The inclusion of antibiotics to nutritional therapy proves far more effective in combating mortality in children with severe malnutrition.
N Engl J Med 2013; 368:425-435January 31, 2013DOI: 10.1056/NEJMoa1202851
Antibiotics as Part of the Management of Severe Acute Malnutrition
Severe acute malnutrition contributes to 1 million deaths among children annually. Adding routine antibiotic agents to nutritional therapy may increase recovery rates and decrease mortality among children with severe acute malnutrition treated in the community.
In this randomized, double-blind, placebo-controlled trial, we randomly assigned Malawian children, 6 to 59 months of age, with severe acute malnutrition to receive amoxicillin, cefdinir, or placebo for 7 days in addition to ready-to-use therapeutic food for the outpatient treatment of uncomplicated severe acute malnutrition. The primary outcomes were the rate of nutritional recovery and the mortality rate.
A total of 2767 children with severe acute malnutrition were enrolled. In the amoxicillin, cefdinir, and placebo groups, 88.7%, 90.9%, and 85.1% of the children recovered, respectively (relative risk of treatment failure with placebo vs. amoxicillin, 1.32; 95% confidence interval [CI], 1.04 to 1.68; relative risk with placebo vs. cefdinir, 1.64; 95% CI, 1.27 to 2.11). The mortality rates for the three groups were 4.8%, 4.1%, and 7.4%, respectively (relative risk of death with placebo vs. amoxicillin, 1.55; 95% CI, 1.07 to 2.24; relative risk with placebo vs. cefdinir, 1.80; 95% CI, 1.22 to 2.64). Among children who recovered, the rate of weight gain was increased among those who received antibiotics. No interaction between type of severe acute malnutrition and intervention group was observed for either the rate of nutritional recovery or the mortality rate.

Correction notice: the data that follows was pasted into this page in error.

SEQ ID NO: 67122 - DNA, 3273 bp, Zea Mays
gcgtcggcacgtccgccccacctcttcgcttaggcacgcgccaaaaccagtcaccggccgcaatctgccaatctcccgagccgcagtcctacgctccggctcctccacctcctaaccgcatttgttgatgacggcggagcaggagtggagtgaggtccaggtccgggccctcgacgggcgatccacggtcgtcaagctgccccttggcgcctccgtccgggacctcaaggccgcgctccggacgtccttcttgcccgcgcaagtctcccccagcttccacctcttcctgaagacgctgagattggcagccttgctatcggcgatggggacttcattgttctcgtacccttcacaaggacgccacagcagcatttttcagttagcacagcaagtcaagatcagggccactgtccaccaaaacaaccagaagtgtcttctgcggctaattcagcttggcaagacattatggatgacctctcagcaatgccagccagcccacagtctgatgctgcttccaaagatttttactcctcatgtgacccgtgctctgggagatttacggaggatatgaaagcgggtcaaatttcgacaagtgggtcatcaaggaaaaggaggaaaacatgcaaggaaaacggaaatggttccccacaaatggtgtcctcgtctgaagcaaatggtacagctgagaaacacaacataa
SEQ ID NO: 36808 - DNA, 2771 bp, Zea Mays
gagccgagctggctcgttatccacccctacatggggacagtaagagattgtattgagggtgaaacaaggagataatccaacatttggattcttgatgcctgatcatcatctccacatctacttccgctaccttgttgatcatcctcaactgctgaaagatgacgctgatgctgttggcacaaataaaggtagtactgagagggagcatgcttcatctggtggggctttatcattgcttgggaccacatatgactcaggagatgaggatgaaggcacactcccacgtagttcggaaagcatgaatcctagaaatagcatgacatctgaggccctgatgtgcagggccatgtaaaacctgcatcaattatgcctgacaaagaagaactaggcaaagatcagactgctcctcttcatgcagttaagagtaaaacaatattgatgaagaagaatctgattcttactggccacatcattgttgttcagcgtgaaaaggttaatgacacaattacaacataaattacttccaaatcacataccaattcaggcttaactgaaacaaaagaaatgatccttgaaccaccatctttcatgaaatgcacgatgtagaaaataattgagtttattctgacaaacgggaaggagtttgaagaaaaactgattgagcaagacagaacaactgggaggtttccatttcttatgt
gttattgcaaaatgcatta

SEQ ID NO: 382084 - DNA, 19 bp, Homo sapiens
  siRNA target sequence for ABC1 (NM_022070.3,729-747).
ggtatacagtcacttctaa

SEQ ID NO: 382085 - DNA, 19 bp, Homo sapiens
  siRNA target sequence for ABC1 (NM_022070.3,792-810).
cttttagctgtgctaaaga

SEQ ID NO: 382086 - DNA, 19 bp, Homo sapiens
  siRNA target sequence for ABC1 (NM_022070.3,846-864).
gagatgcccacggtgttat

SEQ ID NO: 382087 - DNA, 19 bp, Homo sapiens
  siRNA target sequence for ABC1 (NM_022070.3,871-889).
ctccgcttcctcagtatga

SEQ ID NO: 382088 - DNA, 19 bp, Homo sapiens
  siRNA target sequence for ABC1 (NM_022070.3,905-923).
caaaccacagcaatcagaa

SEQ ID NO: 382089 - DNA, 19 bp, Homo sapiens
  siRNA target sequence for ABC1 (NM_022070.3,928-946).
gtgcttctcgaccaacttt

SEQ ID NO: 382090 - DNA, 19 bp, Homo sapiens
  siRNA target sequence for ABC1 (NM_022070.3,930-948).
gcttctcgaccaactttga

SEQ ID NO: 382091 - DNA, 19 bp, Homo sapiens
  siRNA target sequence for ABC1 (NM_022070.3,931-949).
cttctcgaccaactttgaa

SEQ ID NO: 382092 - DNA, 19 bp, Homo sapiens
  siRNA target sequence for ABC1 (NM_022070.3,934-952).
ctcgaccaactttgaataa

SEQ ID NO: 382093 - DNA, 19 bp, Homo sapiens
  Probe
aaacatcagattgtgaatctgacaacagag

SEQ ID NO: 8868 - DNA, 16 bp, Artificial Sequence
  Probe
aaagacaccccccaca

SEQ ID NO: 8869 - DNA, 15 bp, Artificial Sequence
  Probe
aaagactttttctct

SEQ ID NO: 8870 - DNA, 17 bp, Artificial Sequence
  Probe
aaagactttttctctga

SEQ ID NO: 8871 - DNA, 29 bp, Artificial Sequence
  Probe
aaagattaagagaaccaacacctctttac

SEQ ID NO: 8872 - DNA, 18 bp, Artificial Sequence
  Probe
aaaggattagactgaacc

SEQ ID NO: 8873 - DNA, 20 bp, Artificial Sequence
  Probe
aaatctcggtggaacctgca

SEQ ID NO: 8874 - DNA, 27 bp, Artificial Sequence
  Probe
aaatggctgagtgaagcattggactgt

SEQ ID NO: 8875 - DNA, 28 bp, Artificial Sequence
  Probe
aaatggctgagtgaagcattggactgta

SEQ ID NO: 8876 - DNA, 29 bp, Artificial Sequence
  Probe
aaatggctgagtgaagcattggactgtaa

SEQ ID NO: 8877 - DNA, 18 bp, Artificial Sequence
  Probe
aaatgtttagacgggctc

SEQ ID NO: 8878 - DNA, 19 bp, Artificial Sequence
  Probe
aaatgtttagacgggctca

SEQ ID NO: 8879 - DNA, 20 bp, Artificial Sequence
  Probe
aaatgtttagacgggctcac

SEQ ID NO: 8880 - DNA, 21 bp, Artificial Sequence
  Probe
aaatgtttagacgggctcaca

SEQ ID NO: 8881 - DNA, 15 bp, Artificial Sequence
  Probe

The addition of antibiotics to therapeutic regimens for uncomplicated severe acute malnutrition was associated with a significant improvement in recovery and mortality rates.